Our initial screens with WRN helicase assays (DNA unwinding, ATPase) identified only covalent hits, as reported for other WRN hit-finding campaigns23,24,25. We characterized them as allosteric, ATP-competitive inhibitors targeting Cys727. With the aim of identifying weaker, non-covalent hits that were not detected in the enzymatic screens, we developed an ATP-binding assay. Validated WRN inhibitors (for example, covalent hits, ATPγS) were around sevenfold more potent in this assay compared with in the ATPase assay at ATP KM, whereas false positives (for example, compounds losing potency after repurification) were equipotent in all of the assays. This observation was key to overcoming the main challenge—the abundance of false positives. To identify real hits among the primary hits from a 150,000-compound ATP-binding screen, we determined half-maximal inhibitory concentration (IC50) values in both formats and used a shift above threefold as an indicator of real binding to cherry pick hits for biophysical validation. This screening strategy resulted in a single, non-covalent hit, compound 1 (Fig. 1a). Improving the potency by structure-based design, guided by lipophilic efficiency (lipE, potency corrected for the distribution coefficient between water and n-octanol (logP)), could only be achieved at the expense of high molecular mass and poor physicochemical properties, as illustrated by cellular tool compound 2 (Fig. 1b). Our medicinal chemistry strategy was to improve permeability and lipE simultaneously, two properties that are typically anticorrelated, by using physics-based property prediction (logP, 3D polar surface area) to systematically search for outlier transformations26. Two examples of transformations that lower logP while improving permeability are the introduction of the ortho-methyl aniline in compound 3 and the hydroxy pyrimidine in compound 4, HRO761. Despite its molecular mass of 702 Da, HRO761 has favourable physicochemical properties and pharmacokinetics (PK), as well as a clean off-target profile (Extended Data Table 1). A co-crystal structure of HRO761 in a complex with the core helicase of WRN (consisting of the two RecA-like helicase lobes D1 and D2) revealed that HRO761 binds to a non-conserved allosteric site at the D1–D2 interface (Fig. 1c,d), rationalizing the high selectivity over related RecQ helicases (Extended Data Fig. 2a). While HRO761 and ATP analogues both bind at the D1–D2 interface with overlap in the D2 residues, the relative orientation is rotated by approximately 180° (Fig. 1c) due to a conformational change of residues 728–732 (Thr-Gly-Phe-Asp-Arg), a flexible hinge between the D1 and D2 domains. Most hinge residues are engaged by HRO761 and almost every heavy atom of HRO761 is engaged in polar interactions with WRN (Fig. 1d). The involvement of ATP-binding residues makes the pocket unusually polar and rich in arginine residues. The structure also rationalizes the mode of action with regard to ATP and DNA (Extended Data Fig. 2c–e). The domain rotation induced by HRO761 splits the ATP-binding site in two and displaces the Walker motif, resulting in mixed ATP competition through allosteric binding of HRO761. An overlay of the D2 domains of ATPγS- and HRO761-bound WRN shows that the hydroxy pyrimidine moiety of HRO761 mimics the γ-phosphate of ATP and recapitulates coordination of the hydrolytic water by the catalytic residue Gln850 (Fig. 1e). Both DNA-binding sites on the D1 and D2 domains remain accessible, explaining the lack of DNA competition. As none of the published SF2 helicases in the Protein Data Bank (PDB) remotely resembles the inactive conformation induced by HRO761, we hypothesize that it represents a high-energy conformation stabilized by the complementarity of HRO761 with the D1–D2 interface.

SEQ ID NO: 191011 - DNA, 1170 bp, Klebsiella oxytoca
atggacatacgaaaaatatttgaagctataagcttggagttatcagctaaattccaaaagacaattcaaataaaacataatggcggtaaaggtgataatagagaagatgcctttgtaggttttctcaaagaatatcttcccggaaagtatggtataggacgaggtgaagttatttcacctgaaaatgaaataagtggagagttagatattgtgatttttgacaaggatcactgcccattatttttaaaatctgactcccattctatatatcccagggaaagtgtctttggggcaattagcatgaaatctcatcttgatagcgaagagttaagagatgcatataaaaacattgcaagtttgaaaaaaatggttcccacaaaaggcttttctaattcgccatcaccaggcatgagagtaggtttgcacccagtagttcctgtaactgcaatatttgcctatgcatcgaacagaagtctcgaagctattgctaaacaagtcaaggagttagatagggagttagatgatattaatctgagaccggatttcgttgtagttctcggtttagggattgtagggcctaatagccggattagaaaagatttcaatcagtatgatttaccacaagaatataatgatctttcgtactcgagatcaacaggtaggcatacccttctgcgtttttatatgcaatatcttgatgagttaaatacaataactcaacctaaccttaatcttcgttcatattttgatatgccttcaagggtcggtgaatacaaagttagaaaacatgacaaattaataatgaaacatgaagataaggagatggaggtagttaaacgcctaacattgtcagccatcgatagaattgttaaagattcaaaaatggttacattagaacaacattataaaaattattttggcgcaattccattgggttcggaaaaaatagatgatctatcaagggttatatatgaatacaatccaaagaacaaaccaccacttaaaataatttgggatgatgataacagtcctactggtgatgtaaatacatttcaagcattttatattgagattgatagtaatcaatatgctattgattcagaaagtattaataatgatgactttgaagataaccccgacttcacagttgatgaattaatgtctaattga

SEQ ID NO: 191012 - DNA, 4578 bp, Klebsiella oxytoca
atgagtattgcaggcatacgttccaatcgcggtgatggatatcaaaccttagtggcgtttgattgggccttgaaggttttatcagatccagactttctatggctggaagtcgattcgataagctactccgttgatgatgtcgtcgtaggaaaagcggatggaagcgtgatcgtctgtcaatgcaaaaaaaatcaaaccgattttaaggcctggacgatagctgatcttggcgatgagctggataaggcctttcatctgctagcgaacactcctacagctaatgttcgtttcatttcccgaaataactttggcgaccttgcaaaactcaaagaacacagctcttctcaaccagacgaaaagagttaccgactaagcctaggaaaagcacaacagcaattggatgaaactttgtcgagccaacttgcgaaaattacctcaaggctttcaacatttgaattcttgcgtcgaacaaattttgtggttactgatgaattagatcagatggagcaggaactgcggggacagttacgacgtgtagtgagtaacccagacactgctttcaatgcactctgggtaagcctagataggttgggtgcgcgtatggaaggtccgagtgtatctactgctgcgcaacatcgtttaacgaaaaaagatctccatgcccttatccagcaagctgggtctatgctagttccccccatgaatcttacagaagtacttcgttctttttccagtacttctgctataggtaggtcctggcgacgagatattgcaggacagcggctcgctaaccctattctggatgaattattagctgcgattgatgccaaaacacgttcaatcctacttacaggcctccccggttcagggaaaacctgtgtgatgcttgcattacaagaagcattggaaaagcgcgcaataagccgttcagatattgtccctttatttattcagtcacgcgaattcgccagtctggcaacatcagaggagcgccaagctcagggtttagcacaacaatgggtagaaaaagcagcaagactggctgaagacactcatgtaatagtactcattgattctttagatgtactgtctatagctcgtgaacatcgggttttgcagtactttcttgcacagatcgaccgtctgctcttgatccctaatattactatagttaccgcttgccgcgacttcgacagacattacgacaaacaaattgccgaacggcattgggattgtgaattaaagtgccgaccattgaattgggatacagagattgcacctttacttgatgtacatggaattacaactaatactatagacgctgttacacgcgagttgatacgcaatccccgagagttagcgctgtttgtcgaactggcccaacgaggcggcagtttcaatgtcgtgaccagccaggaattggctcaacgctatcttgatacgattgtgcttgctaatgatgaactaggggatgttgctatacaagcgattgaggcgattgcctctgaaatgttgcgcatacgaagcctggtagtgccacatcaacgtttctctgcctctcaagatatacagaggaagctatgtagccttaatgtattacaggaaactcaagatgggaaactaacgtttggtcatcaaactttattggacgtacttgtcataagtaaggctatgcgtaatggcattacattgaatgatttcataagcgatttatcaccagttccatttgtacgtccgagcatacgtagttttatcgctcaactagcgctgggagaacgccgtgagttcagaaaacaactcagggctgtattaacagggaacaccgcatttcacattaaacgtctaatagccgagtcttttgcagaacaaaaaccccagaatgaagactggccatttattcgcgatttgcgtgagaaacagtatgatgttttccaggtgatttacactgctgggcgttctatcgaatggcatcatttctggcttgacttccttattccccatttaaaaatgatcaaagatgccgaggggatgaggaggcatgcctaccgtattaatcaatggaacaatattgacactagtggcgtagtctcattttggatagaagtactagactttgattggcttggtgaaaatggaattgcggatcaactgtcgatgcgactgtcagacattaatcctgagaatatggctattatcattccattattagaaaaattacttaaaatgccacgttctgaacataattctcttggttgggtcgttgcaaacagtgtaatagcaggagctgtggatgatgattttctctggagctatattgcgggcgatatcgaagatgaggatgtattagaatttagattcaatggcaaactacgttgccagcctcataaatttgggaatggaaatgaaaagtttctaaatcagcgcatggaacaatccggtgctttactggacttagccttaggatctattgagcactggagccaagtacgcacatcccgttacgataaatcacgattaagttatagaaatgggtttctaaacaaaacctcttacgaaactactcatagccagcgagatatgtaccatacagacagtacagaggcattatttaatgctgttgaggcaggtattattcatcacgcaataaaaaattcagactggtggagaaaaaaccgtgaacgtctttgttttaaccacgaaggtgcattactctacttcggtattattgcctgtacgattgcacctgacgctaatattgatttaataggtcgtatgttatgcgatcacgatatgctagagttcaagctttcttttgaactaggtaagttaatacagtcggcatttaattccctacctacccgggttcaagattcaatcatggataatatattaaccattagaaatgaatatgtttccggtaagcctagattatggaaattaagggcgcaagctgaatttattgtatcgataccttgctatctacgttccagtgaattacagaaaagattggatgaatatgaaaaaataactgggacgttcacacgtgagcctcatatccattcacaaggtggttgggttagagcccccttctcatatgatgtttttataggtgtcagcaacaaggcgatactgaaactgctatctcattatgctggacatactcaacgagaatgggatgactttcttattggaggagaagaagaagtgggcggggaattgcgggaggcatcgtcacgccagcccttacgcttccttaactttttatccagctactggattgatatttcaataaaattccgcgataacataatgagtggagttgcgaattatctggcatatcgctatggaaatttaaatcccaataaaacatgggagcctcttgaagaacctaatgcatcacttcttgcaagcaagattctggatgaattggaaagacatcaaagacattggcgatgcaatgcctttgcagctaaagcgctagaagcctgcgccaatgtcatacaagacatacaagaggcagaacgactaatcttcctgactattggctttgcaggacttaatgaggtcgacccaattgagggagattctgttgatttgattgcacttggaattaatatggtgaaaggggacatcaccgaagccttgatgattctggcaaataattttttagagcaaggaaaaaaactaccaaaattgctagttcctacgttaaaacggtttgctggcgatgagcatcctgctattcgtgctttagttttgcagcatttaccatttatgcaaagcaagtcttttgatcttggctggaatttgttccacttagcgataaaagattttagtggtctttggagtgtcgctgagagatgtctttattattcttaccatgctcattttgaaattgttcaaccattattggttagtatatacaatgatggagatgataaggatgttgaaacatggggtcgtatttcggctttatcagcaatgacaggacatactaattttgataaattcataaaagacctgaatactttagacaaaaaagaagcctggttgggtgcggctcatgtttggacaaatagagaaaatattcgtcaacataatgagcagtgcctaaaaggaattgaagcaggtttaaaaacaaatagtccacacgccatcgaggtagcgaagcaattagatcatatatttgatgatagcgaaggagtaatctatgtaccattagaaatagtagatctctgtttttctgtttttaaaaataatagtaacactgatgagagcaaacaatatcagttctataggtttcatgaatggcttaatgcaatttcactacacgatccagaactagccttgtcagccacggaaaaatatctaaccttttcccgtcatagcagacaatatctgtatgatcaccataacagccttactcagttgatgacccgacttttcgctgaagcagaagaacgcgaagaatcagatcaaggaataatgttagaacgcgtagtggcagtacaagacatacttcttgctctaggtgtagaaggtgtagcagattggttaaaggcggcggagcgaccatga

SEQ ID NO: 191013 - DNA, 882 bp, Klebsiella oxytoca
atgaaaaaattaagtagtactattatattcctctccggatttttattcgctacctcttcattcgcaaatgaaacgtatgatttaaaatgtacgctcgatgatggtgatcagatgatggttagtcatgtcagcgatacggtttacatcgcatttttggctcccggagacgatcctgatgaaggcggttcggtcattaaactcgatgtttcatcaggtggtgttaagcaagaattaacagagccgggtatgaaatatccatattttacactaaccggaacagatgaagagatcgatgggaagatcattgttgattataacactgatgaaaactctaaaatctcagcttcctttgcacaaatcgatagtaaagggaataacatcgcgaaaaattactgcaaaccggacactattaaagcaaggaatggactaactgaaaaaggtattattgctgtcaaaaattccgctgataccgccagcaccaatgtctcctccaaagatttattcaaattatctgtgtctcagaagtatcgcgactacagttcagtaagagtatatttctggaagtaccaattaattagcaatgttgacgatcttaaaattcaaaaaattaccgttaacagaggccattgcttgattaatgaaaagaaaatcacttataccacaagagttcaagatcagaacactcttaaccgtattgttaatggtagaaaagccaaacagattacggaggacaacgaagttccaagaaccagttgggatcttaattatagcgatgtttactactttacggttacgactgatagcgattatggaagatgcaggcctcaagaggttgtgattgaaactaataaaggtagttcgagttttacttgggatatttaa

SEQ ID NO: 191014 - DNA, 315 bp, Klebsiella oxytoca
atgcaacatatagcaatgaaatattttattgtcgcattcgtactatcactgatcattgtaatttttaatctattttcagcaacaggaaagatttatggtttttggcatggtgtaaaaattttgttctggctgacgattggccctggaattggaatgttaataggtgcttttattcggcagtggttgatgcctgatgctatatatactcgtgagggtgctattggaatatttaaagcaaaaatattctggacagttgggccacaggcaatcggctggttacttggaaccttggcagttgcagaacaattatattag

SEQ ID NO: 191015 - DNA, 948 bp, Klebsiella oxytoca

Fig. 1: Identification and structural basis of HRO761, an allosteric WRN inhibitor.